WASHINGTON (Reuters) – New orders for U.S.-made goods increased less than expected in August, though business spending on equipment appeared to be recovering, which likely supported the economy in the third quarter.
The Commerce Department said on Friday that factory orders rose 0.7% after accelerating 6.5% in July. Economists polled by Reuters had forecast factory orders would increase 1.0% in August.
Manufacturing, which accounts for 11.3% of U.S. economic activity, is recovering from its pandemic lows as businesses replenish inventories. The pace of expansion, however, is slowing as the coronavirus crisis lingers and the boost from fiscal stimulus ebbs.
The Institute for Supply Management reported on Thursday that its measure of national factory activity fell in September as new orders retreated from more than a 16-1/2-year high.
Unfilled orders at factories dropped 0.6% in August after falling 0.7% in July. Inventories at factories were unchanged, while shipments of manufactured goods rose 0.3%.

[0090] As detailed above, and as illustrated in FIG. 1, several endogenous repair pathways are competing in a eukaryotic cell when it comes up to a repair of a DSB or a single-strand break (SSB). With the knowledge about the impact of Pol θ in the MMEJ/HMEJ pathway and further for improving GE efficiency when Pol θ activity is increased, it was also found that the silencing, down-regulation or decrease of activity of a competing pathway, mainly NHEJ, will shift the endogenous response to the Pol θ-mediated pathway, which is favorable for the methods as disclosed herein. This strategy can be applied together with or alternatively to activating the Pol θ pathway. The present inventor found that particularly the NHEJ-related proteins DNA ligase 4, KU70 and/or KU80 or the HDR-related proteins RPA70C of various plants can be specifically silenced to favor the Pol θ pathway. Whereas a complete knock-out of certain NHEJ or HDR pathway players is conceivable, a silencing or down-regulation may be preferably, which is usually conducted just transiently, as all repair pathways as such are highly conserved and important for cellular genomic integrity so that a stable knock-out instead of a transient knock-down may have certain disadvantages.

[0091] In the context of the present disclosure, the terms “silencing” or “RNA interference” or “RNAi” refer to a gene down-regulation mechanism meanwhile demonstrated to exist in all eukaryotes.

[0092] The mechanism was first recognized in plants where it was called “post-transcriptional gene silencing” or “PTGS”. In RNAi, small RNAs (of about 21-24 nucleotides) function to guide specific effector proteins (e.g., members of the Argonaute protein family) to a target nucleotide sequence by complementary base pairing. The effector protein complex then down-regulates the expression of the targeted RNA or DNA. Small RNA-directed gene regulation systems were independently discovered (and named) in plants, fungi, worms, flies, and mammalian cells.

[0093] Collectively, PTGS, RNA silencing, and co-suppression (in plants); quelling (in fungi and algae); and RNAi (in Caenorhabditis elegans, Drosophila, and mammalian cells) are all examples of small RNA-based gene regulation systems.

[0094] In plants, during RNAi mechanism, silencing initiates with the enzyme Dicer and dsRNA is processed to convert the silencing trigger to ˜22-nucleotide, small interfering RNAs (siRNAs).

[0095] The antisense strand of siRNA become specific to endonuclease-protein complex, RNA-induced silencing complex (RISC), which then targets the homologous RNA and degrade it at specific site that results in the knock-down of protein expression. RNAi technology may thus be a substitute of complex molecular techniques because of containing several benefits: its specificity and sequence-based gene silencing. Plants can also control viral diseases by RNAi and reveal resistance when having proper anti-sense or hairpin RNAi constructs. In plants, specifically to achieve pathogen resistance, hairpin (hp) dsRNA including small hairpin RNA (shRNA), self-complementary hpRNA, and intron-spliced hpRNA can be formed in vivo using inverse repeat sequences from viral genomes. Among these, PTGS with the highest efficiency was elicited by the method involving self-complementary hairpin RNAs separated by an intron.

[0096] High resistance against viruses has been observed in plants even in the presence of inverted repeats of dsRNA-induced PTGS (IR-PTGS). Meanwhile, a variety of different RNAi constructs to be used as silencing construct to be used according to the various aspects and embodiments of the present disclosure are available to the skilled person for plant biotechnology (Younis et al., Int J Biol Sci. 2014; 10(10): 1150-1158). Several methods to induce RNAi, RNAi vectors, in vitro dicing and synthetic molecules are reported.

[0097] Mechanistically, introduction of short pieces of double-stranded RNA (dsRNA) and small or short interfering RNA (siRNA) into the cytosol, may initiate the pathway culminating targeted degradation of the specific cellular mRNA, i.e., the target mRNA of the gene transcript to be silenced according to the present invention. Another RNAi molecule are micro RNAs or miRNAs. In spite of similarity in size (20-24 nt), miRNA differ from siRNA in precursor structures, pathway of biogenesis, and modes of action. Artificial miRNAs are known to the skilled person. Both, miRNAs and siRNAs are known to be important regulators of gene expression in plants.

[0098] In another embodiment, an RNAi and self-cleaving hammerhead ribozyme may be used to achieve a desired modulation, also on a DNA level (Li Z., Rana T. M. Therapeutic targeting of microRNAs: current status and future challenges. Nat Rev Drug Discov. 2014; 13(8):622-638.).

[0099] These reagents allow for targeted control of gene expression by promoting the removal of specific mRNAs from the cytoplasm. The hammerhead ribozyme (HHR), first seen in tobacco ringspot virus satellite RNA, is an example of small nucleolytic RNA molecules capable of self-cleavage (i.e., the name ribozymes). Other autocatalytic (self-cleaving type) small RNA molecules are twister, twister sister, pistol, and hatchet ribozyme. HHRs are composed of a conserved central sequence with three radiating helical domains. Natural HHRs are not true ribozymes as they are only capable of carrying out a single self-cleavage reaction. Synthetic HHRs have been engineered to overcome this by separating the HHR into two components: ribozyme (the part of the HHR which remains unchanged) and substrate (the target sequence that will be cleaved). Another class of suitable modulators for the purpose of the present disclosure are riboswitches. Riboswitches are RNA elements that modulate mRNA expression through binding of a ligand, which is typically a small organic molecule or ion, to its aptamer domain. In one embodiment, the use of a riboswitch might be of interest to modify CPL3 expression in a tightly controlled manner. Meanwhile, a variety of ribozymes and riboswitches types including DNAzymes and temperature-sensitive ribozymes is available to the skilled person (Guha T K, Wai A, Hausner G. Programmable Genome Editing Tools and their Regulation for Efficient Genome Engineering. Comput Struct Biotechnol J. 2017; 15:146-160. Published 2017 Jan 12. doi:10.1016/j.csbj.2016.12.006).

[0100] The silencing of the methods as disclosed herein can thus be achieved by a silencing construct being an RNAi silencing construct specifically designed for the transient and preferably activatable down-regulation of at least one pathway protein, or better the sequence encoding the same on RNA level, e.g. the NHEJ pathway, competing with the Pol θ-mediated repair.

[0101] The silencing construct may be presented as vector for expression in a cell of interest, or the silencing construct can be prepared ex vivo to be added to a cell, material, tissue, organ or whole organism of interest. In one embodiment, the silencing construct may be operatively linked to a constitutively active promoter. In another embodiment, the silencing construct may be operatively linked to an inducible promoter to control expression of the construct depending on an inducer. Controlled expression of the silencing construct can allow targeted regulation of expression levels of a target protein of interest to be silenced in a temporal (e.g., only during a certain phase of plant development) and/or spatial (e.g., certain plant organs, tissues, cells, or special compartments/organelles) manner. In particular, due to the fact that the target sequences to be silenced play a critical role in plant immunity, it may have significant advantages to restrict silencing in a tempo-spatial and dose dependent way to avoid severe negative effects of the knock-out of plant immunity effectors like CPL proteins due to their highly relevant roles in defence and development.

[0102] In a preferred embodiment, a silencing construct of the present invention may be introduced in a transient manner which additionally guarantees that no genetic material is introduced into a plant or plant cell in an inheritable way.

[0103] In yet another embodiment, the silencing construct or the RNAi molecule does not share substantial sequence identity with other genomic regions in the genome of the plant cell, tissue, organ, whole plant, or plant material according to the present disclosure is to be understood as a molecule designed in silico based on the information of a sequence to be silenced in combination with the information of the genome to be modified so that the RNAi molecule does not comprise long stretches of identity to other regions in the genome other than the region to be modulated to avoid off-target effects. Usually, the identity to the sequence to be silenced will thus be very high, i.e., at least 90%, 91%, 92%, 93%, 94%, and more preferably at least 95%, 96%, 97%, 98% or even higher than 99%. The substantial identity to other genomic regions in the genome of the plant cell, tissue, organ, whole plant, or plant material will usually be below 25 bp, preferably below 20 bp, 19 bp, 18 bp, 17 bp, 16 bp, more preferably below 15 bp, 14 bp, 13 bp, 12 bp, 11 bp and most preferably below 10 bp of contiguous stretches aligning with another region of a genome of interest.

The government also reported that orders for non-defense capital goods excluding aircraft, which are seen as a measure of business spending plans on equipment, rose 1.9% in August instead of increasing 1.8% as reported last month.
Shipments of core capital goods, which are used to calculate business equipment spending in the GDP report, increased 1.5% as previously reported.
Business investment tumbled at a record 26% annualized rate in the second quarter, with spending on equipment collapsing at an all-time pace of 35.9%. Investment in equipment has contracted for five straight quarters.
(Reporting by Lucia Mutikani; Editing by Paul Simao)
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